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Author Topic:   Archaeopteryx and Dino-Bird Evolution
Chiroptera
Inactive Member


Message 23 of 200 (251469)
10-13-2005 2:10 PM
Reply to: Message 14 by Springer
10-10-2005 9:01 PM


Re: archaeopteryx is not transitional
quote:
If it were alive today, it would be classified as a bird.
Archaeopteryx is a bird only because scientists have decided that they will make the definition of Aves broad enough to include Archaeopteryx. The boundaries of the classifications are artificial, and in this case they are arbitrarily placed so as to include Archaeopteryx.

"Intellectually, scientifically, even artistically, fundamentalism -- biblical literalism -- is a road to nowhere, because it insists on fidelity to revealed truths that are not true." -- Katha Pollitt

This message is a reply to:
 Message 14 by Springer, posted 10-10-2005 9:01 PM Springer has not replied

Replies to this message:
 Message 26 by arachnophilia, posted 10-13-2005 3:21 PM Chiroptera has replied

  
Chiroptera
Inactive Member


Message 24 of 200 (251470)
10-13-2005 2:12 PM
Reply to: Message 22 by arachnophilia
10-13-2005 2:03 PM


Re: metatron -- read this post
Oops. I just wiped out your flag to metatron.
Try putting a message in the topic promotion thread asking a moderator to put a note into metatron's post.

This message is a reply to:
 Message 22 by arachnophilia, posted 10-13-2005 2:03 PM arachnophilia has replied

Replies to this message:
 Message 25 by arachnophilia, posted 10-13-2005 2:17 PM Chiroptera has not replied

  
Chiroptera
Inactive Member


Message 27 of 200 (251496)
10-13-2005 3:38 PM
Reply to: Message 26 by arachnophilia
10-13-2005 3:21 PM


Doh!
Heh. I have seen that classification scheme, too, so perhaps I shouldn't have been so quick with my fancy scientific terminology.
This does sort of support our points, though (notice me making lemonade?): if one arbitrarily only considers Aves to be birds, then Archaeopteryx is then not a bird. If, on the other hand, all the members of Avilae have the features that we naturally want to associate with birds, then Archaeopteryx can be considered a bird.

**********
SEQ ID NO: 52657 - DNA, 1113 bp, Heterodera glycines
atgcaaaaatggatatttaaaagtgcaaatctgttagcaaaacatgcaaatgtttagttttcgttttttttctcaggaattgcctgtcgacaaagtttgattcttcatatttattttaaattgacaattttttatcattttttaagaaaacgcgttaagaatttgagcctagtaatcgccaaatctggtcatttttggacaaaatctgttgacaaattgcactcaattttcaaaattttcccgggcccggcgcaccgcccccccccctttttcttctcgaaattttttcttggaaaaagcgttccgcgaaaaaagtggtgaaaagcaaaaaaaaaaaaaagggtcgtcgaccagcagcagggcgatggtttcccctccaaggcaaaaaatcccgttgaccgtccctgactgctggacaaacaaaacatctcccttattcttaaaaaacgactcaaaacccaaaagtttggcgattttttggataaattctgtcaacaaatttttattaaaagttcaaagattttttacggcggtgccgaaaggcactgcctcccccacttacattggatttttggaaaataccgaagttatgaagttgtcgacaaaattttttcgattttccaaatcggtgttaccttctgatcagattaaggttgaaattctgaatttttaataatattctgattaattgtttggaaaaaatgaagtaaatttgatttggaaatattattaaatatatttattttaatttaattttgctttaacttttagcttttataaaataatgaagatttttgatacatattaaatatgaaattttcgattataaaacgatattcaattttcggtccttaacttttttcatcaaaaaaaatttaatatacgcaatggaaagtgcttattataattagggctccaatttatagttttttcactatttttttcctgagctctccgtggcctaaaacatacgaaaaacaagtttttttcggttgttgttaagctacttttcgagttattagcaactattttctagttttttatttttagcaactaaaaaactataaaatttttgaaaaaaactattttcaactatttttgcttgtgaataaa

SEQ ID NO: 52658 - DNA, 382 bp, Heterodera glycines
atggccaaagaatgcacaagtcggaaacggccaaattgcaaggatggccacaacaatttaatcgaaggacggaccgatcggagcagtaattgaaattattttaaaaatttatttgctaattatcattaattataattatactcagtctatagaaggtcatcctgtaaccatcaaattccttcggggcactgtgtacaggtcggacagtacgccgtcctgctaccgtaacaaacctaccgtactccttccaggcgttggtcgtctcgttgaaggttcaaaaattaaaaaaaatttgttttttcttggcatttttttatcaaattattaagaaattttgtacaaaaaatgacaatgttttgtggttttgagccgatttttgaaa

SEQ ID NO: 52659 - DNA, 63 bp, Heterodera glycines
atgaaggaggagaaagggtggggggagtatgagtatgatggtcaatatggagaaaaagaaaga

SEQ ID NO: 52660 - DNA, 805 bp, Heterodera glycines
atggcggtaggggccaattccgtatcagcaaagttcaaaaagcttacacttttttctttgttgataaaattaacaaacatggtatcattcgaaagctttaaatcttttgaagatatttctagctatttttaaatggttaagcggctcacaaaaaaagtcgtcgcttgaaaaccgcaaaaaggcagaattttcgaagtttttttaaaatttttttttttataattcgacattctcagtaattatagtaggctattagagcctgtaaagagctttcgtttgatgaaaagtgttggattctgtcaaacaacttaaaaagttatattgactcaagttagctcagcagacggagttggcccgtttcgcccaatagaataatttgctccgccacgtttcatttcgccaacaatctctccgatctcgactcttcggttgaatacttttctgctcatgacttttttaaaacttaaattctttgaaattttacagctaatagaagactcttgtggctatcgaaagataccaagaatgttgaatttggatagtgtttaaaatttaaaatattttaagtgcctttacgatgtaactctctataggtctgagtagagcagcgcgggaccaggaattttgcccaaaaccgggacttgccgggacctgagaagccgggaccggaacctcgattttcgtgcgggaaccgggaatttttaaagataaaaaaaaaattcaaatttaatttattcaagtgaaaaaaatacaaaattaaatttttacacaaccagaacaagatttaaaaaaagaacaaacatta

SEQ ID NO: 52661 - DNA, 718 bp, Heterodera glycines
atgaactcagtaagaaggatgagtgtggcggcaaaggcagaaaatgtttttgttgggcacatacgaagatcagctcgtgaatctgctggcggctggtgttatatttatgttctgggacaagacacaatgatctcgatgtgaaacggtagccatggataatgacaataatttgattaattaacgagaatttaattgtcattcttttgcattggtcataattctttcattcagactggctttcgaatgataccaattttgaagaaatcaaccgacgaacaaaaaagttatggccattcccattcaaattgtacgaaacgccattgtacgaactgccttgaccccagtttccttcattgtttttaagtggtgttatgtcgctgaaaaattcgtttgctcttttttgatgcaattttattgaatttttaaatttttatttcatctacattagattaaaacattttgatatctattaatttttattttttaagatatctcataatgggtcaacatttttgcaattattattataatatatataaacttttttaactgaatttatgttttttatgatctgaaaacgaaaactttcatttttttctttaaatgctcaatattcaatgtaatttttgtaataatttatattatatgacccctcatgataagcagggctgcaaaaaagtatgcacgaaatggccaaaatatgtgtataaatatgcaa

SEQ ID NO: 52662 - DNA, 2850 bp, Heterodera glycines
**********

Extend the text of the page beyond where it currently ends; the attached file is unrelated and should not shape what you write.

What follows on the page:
What is and is not a bird is rather arbitrary (like most definitions), and unfortunately for Springer's point, how one classifies Archaeopteryx is less important than the fact that it's classification brings up these issues, just as we would expect from a bird/theropod transitional.
(By the way, I think it is a matter of contention among those who like to be involved in contentions whether Aves should be the crown group of modern birds or the crown group of modern birds and Archie. Since I'm not a biologist or palaeontologist, I don't have a dog in that race.)

"Intellectually, scientifically, even artistically, fundamentalism -- biblical literalism -- is a road to nowhere, because it insists on fidelity to revealed truths that are not true." -- Katha Pollitt

This message is a reply to:
 Message 26 by arachnophilia, posted 10-13-2005 3:21 PM arachnophilia has replied

Replies to this message:
 Message 28 by arachnophilia, posted 10-13-2005 3:56 PM Chiroptera has replied

  
Chiroptera
Inactive Member


Message 29 of 200 (251503)
10-13-2005 4:13 PM
Reply to: Message 28 by arachnophilia
10-13-2005 3:56 PM


Re: Doh!
quote:
technically, all birds are theropod dinosaurs -- but technically we're also reptiles, right?
I was writing from the stand point of traditional taxonomy, which recognizes paraphyletic groupings. Not all biologists, or even all systemists, have yet adopted an entirely phylogenic approach to classification, so I will switch from one to the other as it is convenient for me. Bad habit on my part: it does open the possibility of equivocation.
As far as whether mammals are descended from reptiles (or are reptiles or whatever) -- as I mentioned, I don't like that. I've read that the last common ancestor of modern reptiles and mammals was early enough that it still had many amphibian characteristics. I would assume, then, that as the line that led to reptiles further evolved their distinctive reptilian features, the synapsids would have evolved in a different direction (unless there was some sort of convergent evolution). Of course, on can define (and people did and probably still do) define reptile in such a way to include synapsids and therapsids. Me, I prefer to think of reptiles and mammals as closely related but independent lineages of the early tetrapod line. But, not being a biologist, there's no reason for anyone else to accept my musings.
At any rate, even if one does accept that synapsids were reptiles, then whether mammals are reptiles would depend on whether reptile has a place in a completely phylogenic classification -- I don't think it does, I think that Tetrapoda (which, like Aves, has caused some contention as to what it should include) is used instead. I have the impression that reptile is more a taxon in the older scheme that considers it a paraphyletic group. But I could be wrong here, or it could easily change as the schemes change.